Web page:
A documentary that follows a billionaire couple as they begin construction on a mansion inspired by Versailles. During the next two years, their empire, fueled by the real estate bubble and cheap money, falters due to the economic crisis.
Welcome to Magic City, a legendary strip club where dreams are made, whether for the dancers seeking fame and fortune, the rappers using it as a platform to the big time, or the ballers ... See full summary »
In China, luxury is about more than owning private yachts, expensive houses and designer clothing-although there's plenty of that, too. Award-winning documentary filmmaker Lauren Greenfield... See full summary »
Beauty Culture investigates our obsession with beauty and the influence of photographic representations on female body image. Film subjects hail from diverse points on the beauty landscape.... See full summary »
Jamie Lee Curtis,
Lauren Greenfield's video "Fashion Show" mixes filmed footage with still photography from over 50 runway shows in New York, Milan and Paris. Cut to the pulsating beat of Fol Chen's latest ... See full summary »
In 2008, the Siegel family was top of the heap with the wealthy and politically influential David Siegel running the successful Westgate Resorts time-share business. To enjoy their good life, he and his engineer turned beauty queen trophy wife, Jackie, were building the largest single family private home in America. Suddenly, both the US economy and Westgate were rocked by the devastating sub-prime mortgage collapse. In the new economic reality with the business teetering on ruin, we follow the Siegels as they struggle to scale down their grotesquely ostentatious lifestyle. For this overprivileged family, accepting that situation proved a dispiriting struggle even as their unfinished dream home became a monument of their superficial values.Written by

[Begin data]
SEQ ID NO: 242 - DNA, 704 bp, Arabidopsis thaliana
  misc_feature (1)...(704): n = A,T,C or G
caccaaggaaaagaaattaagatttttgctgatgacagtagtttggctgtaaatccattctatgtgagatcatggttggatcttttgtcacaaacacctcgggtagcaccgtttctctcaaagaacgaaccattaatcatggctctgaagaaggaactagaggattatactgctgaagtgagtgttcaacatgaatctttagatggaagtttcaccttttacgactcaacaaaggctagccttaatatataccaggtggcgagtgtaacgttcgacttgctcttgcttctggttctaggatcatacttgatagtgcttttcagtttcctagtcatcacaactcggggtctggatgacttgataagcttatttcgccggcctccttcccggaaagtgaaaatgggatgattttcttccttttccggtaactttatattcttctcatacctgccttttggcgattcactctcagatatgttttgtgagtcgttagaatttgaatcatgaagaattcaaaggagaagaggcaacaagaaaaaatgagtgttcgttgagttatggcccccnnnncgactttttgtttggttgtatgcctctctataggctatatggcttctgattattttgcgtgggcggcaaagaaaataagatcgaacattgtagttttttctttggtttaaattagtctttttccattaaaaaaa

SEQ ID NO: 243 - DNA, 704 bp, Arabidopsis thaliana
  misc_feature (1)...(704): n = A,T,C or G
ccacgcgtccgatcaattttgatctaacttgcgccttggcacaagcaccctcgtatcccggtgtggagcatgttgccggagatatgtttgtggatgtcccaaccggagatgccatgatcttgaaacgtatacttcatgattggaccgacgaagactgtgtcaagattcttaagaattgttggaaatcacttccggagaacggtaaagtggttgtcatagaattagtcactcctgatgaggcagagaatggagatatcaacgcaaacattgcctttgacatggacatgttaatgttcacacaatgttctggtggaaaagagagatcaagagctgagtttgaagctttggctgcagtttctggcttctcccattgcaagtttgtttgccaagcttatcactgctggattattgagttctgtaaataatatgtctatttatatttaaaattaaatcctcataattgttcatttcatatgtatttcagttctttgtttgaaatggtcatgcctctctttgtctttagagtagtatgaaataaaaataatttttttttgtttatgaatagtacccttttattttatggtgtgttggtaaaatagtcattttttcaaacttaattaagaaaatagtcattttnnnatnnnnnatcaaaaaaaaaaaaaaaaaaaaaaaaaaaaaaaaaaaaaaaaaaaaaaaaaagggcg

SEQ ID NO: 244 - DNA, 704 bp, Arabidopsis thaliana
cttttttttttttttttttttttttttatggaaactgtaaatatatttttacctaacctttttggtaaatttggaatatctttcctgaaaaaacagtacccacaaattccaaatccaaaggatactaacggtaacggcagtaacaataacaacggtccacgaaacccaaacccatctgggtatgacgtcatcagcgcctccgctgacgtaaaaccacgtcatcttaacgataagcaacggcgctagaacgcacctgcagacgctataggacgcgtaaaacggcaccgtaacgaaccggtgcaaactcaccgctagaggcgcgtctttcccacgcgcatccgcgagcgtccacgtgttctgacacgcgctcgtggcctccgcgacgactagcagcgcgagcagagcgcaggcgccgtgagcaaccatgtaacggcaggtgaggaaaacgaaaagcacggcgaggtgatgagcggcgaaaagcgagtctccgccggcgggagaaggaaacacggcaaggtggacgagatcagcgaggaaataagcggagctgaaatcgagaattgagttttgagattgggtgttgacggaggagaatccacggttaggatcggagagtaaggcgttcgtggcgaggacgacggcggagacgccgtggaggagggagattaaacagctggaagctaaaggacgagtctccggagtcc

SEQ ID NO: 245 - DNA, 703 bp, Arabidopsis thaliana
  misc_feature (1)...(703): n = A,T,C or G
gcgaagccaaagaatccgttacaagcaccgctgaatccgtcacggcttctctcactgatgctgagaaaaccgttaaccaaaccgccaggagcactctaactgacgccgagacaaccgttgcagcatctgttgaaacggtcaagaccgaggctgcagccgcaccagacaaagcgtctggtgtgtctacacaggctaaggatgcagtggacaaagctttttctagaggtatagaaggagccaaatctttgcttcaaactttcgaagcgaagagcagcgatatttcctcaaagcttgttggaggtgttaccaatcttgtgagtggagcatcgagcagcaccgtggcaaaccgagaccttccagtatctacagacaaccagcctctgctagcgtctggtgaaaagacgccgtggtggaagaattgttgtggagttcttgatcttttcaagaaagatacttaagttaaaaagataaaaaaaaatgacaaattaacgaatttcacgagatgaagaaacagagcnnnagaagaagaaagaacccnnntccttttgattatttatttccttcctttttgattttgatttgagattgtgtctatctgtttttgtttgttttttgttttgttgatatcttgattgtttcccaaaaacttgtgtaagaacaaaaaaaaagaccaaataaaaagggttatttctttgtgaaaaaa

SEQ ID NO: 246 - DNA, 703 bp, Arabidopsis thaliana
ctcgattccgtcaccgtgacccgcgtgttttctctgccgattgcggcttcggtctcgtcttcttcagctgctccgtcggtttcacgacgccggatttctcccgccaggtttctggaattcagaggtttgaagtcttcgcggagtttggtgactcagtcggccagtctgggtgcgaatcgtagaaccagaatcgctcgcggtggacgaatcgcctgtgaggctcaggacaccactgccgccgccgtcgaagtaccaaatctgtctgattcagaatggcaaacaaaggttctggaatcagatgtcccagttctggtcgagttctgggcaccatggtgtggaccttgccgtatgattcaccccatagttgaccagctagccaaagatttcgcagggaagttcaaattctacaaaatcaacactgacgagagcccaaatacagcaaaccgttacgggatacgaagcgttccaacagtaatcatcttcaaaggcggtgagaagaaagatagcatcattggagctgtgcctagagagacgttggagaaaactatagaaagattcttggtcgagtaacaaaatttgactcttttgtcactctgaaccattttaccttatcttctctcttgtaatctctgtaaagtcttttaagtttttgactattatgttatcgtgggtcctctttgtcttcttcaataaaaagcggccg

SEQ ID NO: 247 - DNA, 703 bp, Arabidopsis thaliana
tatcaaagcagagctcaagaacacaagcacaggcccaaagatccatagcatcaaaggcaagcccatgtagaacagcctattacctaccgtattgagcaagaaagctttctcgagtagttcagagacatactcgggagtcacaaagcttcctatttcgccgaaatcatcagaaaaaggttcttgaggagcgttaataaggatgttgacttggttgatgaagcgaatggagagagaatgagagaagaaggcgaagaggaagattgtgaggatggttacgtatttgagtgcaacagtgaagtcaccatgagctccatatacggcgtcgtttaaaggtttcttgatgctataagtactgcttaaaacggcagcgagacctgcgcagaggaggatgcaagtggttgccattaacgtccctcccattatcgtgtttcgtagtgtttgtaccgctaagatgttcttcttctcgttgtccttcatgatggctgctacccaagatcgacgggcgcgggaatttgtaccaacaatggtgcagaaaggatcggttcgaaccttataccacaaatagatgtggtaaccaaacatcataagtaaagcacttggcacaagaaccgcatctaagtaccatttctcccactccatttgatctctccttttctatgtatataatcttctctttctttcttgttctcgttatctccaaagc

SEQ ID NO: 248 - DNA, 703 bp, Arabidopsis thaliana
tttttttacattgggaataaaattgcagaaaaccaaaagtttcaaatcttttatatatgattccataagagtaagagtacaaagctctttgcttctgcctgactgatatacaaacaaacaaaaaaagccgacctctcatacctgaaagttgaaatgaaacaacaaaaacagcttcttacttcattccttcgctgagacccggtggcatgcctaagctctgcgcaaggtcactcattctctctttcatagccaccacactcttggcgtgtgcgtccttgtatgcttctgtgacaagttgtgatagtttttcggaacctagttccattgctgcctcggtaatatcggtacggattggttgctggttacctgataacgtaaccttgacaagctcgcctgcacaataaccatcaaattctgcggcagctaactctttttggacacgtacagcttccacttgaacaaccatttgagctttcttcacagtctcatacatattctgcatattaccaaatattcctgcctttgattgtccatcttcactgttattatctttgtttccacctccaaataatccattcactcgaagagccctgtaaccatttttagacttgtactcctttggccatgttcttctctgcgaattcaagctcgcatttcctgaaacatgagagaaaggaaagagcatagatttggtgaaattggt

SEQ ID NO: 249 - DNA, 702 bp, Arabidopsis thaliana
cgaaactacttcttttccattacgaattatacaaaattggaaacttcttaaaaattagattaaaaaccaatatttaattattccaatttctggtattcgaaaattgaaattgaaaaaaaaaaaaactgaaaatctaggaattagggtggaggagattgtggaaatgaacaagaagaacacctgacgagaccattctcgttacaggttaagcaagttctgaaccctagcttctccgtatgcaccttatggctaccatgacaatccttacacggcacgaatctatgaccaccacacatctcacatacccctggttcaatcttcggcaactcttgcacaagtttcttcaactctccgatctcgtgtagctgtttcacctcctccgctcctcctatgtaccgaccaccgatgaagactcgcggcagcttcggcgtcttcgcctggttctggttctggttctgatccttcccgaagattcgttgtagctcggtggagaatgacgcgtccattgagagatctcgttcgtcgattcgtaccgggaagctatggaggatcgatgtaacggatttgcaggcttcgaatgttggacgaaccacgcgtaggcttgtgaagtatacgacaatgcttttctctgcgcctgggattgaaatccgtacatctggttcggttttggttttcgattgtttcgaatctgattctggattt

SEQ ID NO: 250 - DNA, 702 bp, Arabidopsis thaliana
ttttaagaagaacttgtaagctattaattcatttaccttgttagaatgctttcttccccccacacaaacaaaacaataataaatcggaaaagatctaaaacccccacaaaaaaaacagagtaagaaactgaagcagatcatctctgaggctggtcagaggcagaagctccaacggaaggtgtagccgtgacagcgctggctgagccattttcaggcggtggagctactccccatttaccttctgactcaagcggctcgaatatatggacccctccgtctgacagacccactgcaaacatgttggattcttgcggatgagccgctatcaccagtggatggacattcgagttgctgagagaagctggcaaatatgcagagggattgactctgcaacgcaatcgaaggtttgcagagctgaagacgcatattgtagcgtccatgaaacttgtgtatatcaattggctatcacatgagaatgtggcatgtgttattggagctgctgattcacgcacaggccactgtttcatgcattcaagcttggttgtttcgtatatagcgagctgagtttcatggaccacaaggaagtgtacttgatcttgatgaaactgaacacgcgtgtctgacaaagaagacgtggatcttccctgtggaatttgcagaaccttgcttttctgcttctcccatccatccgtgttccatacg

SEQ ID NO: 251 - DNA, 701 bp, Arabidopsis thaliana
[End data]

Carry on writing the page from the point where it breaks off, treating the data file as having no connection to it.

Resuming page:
Kenneth Chisholm (firstname.lastname@example.org)
After the release of this documentary, the family's oldest daughter Victoria became a victim of bullying about her chubby appearance and her family's lifestyle. This led to her developing an eating disorder (anorexia nervosa) and a depression. After a doctor's diagnosis in early 2013, she was prescribed anti-depressant medication. By mid-2013, she was using various legal and illegal drugs. Victoria died in 2015, at age 18, from an overdose of methadone and antidepressants. Through all her troubles, she kept a diary, whose location was revealed to her parents by a text message she sent to a friend before her death. In 2019, the diary was released in book form, titled "Victoria's Voice", in an effort to raise awareness about drug abuse. Furthermore, her parents started the Victoria Siegel Foundation, and David Siegel stepped away from his timeshare business to focus on the fight against the opioid epidemic. See more »
How are you personally responsible for the re-election of George Bush?
I'd rather not say because it may not necessarily have been legal.
See more »
The struggle of very rich people forced to live like sort of rich people